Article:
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«UNIVERSITY OF CALIFORNIA Santa Barbara A Micro/Nano-Fabricated Gecko-Inspired Reversible Adhesive A Dissertation submitted in partial satisfaction of ...»

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Adhesion testing of the structures, without an applied magnetic field, produced unloading curves with a characteristic pull-off event shown in figure 4 (upper inset).

The pull-off force was observed to vary with the maximum applied normal load (due to slight misalignments between the flat punch and the test surface) until a saturation adhesion strength of ~14 Pa was observed (obtained by dividing the adhesion force by the projected area of all pad surfaces), Fig. 4. It should be noted that this is a purely adhesive measurement testing in the normal pull-off direction, whereas reported values for the gecko test in the transverse frictional direction (86), making comparisons between the two systems tenuous.

Alignment issues, surface inconsistencies and unknown probe geometries have presented difficulties in quantification of this new class of bio-inspired non-pressuresensitive-adhesives. One suggested metric is to simply divide the adhesion force by the maximum preload force, μ’= Fadhesion/Fpreload (86). In this system the maximum μ’ value was found to be 1.47 +/- 0.4, occurring at the minimum pre-load with an observable pull-off event (limited by the noise level of the instrumentation). This value offers a substantial increase from previous synthetic work with μ’ values of 0.125 (83) and 0.06 (11), but still falls short of the gecko with μ’ = 8 to 16 (86).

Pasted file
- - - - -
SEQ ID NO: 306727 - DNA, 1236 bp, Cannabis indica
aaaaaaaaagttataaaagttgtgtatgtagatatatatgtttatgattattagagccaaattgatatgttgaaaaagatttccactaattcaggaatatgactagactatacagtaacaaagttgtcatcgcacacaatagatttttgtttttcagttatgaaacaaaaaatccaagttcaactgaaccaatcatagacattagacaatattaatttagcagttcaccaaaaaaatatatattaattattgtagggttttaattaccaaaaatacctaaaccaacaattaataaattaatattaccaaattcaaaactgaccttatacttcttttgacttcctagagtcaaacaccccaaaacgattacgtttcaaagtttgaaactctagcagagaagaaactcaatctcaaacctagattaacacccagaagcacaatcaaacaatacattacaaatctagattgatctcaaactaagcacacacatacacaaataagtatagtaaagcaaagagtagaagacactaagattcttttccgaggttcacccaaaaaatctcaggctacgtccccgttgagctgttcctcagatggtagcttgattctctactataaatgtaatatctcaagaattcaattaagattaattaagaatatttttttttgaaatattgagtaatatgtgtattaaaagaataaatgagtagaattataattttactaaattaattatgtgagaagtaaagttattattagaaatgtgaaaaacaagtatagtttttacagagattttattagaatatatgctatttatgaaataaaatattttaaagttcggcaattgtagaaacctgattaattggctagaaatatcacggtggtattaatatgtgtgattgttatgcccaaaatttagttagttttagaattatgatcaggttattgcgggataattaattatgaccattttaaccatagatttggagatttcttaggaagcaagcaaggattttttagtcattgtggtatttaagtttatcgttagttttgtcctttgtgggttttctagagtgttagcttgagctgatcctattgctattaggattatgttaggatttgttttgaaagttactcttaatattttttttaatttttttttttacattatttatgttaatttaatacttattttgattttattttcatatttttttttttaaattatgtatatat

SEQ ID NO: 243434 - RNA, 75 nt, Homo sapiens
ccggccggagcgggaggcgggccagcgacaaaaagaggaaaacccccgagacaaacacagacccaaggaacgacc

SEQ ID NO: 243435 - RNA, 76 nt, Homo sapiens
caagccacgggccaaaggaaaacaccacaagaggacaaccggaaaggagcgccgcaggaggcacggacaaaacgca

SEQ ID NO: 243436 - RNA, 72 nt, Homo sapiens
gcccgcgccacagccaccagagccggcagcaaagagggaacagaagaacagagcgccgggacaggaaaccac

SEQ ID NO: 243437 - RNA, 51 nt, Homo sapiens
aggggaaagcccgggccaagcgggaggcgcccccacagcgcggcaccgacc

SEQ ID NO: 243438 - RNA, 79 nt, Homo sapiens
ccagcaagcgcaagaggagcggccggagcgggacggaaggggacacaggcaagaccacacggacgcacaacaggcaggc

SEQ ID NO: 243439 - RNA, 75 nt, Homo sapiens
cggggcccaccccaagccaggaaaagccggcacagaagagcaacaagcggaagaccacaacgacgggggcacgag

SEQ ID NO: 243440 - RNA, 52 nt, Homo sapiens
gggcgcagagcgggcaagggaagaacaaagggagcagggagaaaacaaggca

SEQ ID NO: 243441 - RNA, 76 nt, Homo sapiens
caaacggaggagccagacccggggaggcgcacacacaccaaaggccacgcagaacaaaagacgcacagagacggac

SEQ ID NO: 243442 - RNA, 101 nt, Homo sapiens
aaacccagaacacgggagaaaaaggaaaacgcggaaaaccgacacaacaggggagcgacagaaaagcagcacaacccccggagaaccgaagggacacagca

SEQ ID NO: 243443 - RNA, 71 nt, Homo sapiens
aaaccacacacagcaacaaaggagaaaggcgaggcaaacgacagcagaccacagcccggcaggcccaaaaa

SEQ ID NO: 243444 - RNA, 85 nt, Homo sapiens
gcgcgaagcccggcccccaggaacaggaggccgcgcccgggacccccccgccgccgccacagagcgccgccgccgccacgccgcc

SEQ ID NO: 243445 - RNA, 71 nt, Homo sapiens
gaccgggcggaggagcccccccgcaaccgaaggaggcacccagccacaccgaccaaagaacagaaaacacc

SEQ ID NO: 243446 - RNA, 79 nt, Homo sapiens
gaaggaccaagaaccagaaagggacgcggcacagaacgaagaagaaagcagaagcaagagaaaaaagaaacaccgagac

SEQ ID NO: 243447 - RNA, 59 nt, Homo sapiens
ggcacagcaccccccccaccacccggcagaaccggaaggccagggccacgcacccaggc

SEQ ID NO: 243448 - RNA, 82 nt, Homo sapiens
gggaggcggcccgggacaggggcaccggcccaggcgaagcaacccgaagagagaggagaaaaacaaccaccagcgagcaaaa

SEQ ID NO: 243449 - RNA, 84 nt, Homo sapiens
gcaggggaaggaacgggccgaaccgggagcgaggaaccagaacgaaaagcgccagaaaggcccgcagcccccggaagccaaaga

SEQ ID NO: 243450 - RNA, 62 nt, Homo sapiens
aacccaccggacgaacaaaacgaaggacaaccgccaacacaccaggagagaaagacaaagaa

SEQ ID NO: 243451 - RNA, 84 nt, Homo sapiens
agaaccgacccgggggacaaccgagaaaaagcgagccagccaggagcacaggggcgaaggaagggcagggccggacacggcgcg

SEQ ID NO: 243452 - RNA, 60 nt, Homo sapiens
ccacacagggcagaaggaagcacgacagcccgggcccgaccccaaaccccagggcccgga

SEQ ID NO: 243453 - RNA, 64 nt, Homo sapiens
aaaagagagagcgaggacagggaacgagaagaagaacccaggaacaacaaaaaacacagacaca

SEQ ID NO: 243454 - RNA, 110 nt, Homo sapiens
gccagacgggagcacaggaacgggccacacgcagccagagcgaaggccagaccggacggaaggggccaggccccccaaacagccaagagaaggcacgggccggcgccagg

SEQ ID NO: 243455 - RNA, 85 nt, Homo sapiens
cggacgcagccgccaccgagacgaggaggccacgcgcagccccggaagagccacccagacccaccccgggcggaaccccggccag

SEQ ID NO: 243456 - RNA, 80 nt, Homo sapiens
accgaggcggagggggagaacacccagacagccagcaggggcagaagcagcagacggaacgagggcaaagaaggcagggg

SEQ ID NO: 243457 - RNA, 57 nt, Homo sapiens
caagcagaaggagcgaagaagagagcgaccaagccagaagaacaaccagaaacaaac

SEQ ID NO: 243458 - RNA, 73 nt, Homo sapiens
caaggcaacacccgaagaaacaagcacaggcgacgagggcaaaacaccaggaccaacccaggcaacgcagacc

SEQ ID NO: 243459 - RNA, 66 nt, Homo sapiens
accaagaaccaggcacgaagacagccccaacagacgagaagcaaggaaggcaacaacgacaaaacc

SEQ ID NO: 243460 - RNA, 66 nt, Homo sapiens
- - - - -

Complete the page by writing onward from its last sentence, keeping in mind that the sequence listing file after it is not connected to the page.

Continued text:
In contrast to the adhesion seen in a rest state, the application of a magnetic field to the structures produced a catastrophic loss of adhesion, Fig. 4. The minimum negative force detected was 0.37 +/- 0.28 Pa (compared with 14 Pa without a magnetic field). For no tests on the structures with an applied magnetic field was there an observable pull-off incident. This complete reduction in adhesion is attributed to the concealing of the nanorod-coated platforms from the test probe.

Subjected to a magnetic field, the platforms rotate to align themselves with the magnetic field lines. The rotation leaves the edge of the platforms facing in the normal direction and the “sticky” face to the side. Thus when a surface approaches from the normal direction it only contacts the edges of the platforms. Since the edges of the platforms provide very little surface area, and have no nanorod coating, very little adhesion is produced – less than the noise in the instrumentation.

Additionally, a decrease in surface compliance was seen in the structures with an applied magnetic field. The twisting of the cantilevers increases the second moment of area of the structures, relative to the indenting tip, increasing the stiffness and consequently reducing the compliance of the system. Ultimately, the sideways turned paddles will contact the underlying substrate and statically block an adhering surface from contacting the support substrate – completely turning off adhesion.

In this paper, a novel approach has been presented for creating a synthetic analogue to the gecko adhesive system. The hierarchical system is composed of aligned vertical nanorods coating flexible micron scale cantilever paddles. The paddles, composed of nickel, rotate when subjected to a magnetic field. This rotation conceals the nanostructures on the paddle surface and greatly reduces the available surface area for adhesion. Testing of the system showed reversible adhesion behavior switching from a μ’ value (Fadhesion/Fpreload) of 1.47 +/- 0.4 (largest reported value for a biomimetic system to date (86)) to less than the noise level in the instrumentation. Thus an active hierarchical structure has been fabricated and demonstrated to display controlled and reversible adhesion. Further development of switchable adhesives will find applications ranging from everyday consumer products such as latching and fastening systems; to high-tech applications, such as enabling microrobotics to explore extraterrestrial surfaces or harsh climates otherwise not accessible to man.